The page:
NEW YORK ( MainStreet) -- It looks like Wells Fargo ( WFC) has put another nail in the free checking coffin. The bank confirmed Thursday that it plans to add a $7 checking account fee in six more states.

The news follows last week's report that Bank of America ( BAC) has been testing deposit and service fees among new customers.
Wells Fargo may be the latest bank to institute more checking account fees, but it certainly won't be the last.

In both instances, the fees in question aren't entirely new. Wells' Essentials Checking Account, which costs $7 a month, was rolled out in several other states last year and Bank of America has been testing monthly fees on checking accounts in Arizona, Georgia and Massachusetts since January 2011.

But they're also not likely to be the last new or raised checking account fee introduced in 2012. Big banks are still looking for ways to recoup funds lost to interchange fee limits that went into effect back in October, and there's already a new threat to traditional revenue streams on the horizon. The Consumer Financial Protection Bureau announced just last month that it is looking into overdraft practices, whose netted banks $29.5 billion last year.

The regulatory changes, past and present, have led most major banks to widen their tiered checking account options, which waive fees and offer bigger rewards if customers sign up for more services.

The Wells Essential Checking account, for instance, allows customers to bypass the $7 fee by maintaining a $1,500 minimum daily balance or making direct deposits of $500 or more each month. It also allows account holders to get a $2 discount on the fee if they opt to get online statements.

"What's important to note is that most customers will experience little impact as they already have the required minimum balance or direct deposit in place to waive the monthly service fee," a spokeswoman for Wells Fargo says.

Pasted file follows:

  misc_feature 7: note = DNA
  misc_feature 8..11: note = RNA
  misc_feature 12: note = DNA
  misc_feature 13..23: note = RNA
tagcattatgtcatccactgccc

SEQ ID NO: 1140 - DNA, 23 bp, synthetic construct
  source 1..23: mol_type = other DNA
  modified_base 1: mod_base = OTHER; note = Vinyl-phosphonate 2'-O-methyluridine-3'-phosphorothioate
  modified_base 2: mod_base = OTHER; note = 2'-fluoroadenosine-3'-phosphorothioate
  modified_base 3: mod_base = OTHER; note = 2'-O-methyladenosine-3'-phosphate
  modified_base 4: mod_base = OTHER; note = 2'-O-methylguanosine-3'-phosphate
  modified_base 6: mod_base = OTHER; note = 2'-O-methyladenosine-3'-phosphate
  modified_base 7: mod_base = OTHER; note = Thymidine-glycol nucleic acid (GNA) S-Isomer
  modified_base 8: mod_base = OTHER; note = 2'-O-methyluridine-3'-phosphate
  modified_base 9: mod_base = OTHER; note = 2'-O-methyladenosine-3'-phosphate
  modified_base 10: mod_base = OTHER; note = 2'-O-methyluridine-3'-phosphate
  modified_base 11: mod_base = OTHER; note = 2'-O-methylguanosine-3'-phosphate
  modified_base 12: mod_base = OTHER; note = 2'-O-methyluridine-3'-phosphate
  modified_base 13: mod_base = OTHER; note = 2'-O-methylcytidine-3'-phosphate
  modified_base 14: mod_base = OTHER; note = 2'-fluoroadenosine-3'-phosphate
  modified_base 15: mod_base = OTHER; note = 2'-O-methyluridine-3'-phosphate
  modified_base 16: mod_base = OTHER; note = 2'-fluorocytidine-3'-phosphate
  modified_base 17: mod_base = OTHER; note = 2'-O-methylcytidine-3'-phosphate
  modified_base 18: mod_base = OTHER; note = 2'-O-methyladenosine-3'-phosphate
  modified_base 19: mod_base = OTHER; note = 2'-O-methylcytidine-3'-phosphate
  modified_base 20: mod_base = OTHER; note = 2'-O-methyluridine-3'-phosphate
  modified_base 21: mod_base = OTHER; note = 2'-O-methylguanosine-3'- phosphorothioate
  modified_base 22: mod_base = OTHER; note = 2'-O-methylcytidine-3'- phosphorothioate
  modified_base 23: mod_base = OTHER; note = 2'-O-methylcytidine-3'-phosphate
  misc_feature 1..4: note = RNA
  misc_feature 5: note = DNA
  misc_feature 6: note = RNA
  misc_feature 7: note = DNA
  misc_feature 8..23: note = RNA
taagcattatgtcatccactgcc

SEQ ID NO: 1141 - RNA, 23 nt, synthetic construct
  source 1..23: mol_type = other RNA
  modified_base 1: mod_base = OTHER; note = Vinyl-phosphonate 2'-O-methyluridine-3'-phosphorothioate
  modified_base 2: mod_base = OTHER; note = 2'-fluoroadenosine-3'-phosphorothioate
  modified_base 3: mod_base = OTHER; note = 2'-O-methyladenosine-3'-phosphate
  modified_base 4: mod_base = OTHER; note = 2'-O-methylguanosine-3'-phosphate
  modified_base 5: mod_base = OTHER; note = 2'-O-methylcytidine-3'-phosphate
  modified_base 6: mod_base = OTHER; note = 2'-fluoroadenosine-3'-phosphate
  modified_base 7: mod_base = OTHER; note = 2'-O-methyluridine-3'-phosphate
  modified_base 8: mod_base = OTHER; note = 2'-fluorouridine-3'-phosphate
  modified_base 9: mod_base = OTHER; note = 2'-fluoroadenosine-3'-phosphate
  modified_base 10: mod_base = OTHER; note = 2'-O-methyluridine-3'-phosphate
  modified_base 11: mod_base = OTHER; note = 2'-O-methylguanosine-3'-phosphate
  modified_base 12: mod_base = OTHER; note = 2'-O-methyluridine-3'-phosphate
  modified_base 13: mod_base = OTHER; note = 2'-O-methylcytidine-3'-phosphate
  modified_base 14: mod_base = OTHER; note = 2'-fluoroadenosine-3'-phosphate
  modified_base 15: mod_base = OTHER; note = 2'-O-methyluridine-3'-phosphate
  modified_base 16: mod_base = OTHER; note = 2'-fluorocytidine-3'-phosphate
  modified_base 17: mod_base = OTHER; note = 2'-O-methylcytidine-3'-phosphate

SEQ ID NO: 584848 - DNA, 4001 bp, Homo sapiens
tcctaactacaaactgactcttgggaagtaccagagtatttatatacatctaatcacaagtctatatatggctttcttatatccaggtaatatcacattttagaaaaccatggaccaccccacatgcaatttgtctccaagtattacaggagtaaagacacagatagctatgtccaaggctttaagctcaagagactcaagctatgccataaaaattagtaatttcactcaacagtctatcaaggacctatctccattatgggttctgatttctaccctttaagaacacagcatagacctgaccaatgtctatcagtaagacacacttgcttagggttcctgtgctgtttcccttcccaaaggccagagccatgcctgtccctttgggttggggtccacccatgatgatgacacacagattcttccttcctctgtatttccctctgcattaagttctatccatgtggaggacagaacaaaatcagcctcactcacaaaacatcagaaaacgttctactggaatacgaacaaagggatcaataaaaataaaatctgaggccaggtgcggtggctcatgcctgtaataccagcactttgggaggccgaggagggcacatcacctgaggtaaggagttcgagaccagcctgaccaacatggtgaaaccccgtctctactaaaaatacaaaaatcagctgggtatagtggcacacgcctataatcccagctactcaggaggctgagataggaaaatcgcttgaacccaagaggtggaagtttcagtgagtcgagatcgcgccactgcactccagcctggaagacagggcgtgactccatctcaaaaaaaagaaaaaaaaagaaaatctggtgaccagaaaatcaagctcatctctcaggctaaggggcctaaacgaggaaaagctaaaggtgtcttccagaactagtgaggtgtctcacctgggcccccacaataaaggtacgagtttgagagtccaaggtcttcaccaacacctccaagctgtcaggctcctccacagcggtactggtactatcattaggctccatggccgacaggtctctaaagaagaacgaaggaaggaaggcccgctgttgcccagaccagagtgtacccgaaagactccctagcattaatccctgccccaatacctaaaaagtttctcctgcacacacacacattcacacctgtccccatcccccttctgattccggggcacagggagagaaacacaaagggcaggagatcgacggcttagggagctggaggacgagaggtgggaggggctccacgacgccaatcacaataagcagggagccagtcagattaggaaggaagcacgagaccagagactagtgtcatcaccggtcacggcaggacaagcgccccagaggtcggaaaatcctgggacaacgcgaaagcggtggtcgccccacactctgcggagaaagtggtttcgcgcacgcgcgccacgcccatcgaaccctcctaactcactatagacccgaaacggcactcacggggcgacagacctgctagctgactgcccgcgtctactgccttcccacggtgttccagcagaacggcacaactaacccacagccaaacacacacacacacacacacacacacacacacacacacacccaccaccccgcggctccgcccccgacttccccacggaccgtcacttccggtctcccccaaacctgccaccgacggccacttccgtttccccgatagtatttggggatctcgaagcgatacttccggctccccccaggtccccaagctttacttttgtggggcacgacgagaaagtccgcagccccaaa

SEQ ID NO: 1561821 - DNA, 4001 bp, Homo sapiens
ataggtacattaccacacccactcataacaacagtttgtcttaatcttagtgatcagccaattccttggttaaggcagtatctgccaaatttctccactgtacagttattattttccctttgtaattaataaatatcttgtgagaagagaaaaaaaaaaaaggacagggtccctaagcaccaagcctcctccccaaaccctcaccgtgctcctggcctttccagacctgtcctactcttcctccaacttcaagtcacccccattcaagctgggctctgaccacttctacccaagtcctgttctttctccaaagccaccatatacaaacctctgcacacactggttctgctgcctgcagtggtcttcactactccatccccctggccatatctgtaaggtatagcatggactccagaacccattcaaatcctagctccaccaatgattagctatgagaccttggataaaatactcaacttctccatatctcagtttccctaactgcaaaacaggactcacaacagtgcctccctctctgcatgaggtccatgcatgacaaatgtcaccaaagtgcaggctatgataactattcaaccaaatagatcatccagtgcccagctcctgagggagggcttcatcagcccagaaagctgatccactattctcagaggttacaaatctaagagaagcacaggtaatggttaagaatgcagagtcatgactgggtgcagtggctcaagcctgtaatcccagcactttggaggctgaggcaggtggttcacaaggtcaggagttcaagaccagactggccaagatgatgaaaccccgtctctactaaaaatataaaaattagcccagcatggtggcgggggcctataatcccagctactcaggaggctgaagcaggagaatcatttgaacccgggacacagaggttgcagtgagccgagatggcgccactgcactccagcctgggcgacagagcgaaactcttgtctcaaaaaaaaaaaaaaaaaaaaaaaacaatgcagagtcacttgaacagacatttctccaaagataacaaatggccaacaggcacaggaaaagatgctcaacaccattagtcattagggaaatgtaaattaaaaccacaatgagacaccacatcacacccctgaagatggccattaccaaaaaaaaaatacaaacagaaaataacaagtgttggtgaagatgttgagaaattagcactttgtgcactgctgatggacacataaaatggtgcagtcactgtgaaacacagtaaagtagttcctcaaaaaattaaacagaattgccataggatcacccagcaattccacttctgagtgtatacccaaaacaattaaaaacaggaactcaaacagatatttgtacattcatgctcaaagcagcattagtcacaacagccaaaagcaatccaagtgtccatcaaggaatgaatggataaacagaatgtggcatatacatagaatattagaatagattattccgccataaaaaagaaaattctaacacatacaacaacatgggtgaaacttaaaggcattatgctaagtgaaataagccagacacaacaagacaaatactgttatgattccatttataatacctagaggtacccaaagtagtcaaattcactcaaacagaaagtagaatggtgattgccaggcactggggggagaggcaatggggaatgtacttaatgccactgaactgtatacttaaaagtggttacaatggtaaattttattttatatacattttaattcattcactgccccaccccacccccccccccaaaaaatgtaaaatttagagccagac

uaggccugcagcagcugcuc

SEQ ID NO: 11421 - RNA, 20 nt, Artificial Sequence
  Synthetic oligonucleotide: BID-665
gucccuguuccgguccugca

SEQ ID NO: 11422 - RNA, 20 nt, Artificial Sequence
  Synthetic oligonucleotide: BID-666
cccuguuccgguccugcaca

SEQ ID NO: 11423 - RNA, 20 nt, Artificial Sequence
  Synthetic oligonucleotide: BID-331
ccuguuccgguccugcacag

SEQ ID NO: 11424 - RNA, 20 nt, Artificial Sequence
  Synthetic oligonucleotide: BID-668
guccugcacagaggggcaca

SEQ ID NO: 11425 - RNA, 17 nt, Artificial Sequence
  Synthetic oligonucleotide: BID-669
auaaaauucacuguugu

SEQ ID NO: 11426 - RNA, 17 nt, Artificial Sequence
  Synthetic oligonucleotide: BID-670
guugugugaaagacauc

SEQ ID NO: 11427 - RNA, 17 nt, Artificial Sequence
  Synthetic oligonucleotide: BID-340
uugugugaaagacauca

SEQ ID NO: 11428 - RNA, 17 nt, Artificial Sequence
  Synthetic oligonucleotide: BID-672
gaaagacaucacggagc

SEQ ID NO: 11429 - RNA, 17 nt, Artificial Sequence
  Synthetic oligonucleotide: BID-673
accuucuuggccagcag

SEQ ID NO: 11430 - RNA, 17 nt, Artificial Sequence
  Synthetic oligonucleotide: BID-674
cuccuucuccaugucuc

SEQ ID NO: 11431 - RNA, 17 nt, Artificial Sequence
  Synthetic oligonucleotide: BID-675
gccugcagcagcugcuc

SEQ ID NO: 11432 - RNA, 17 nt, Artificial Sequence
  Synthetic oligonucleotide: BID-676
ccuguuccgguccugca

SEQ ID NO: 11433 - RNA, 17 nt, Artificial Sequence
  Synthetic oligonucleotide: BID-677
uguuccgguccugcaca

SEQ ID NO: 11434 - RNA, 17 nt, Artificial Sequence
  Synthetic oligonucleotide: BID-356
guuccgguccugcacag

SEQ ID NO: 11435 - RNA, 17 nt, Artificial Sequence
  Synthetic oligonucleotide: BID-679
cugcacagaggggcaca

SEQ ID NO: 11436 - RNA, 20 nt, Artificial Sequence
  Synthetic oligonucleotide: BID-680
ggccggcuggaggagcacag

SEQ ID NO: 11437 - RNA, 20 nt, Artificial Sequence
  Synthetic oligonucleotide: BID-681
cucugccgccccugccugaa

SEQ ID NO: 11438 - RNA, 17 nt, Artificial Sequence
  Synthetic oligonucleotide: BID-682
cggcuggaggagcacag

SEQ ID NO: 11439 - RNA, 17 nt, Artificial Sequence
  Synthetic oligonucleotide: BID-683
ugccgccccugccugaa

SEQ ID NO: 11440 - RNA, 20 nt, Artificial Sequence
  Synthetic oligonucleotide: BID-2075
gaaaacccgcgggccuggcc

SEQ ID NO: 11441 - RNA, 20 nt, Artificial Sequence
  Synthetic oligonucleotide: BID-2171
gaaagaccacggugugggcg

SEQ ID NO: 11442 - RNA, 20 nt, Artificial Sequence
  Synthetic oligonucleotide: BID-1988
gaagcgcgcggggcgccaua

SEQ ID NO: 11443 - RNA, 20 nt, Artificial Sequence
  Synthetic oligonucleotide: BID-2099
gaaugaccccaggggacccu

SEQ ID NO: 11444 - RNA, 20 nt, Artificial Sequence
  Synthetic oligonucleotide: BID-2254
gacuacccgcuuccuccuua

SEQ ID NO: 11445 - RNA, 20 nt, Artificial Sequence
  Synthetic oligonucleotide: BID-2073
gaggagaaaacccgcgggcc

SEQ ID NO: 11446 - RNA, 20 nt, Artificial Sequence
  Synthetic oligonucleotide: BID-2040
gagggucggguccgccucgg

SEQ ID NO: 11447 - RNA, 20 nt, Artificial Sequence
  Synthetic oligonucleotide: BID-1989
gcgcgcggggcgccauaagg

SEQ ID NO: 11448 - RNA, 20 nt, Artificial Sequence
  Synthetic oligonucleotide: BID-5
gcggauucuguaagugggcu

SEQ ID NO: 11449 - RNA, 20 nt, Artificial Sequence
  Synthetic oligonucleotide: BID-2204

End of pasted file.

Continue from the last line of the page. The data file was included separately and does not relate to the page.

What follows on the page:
Fortunately for consumers, the ways to waive these fees are fairly similar across the board. As such, here are some steps you can take now to make sure you're not hit with big checking account fees in the future.

Set up direct deposit. Just like when using a prepaid debit card, the easiest way customers who have a hard time maintaining minimums can bypass monthly fees is to link their paycheck or another direct deposit to their checking account.

Do your banking online. The second simplest way to avoid these fees it to get in the habit of doing your banking online. Wells Fargo is offering a discount for those who opt out of getting paper statements, while Bank of America is allowing new customers to avoid all service fees by switching over to electronic banking, which includes free electronic billing. But you can expect other financial institutions to reward customers for doing things digitally as each widens its mobile banking capabilities.

Get a credit card with the bank you have your money with. Bank of America's test involves waiving checking account fees if a customer has one of their credit cards, but financial institutions are generally moving toward not just lowering fees, but offering better incentives to customers who elect to apply for their other financial services and products. You can also consider moving your money to a financial institution you already have a loan or other investments with.

Chase ( JPM), for instance, offers additional rewards points and lower interest rates on existing loans for customers who have checking accounts with them.

A similar setup exists over at Citi ( C), whose customers can bypass the $30 monthly service fee on its CitiGold account if they have $50,000 or more for all linked deposit and retirement accounts or $100,000 or more across all their eligible linked Citi accounts, including investments and loan balances, but excluding mortgage balances. CitiGold offers, among other things, preferred interest rates on certain deposit products, discounts for foreign currency transactions and safe-deposit boxes, customer service perks and waived fees for overdraft protection and non-Citibank ATM usage.

( Hat tip to CNN Money)

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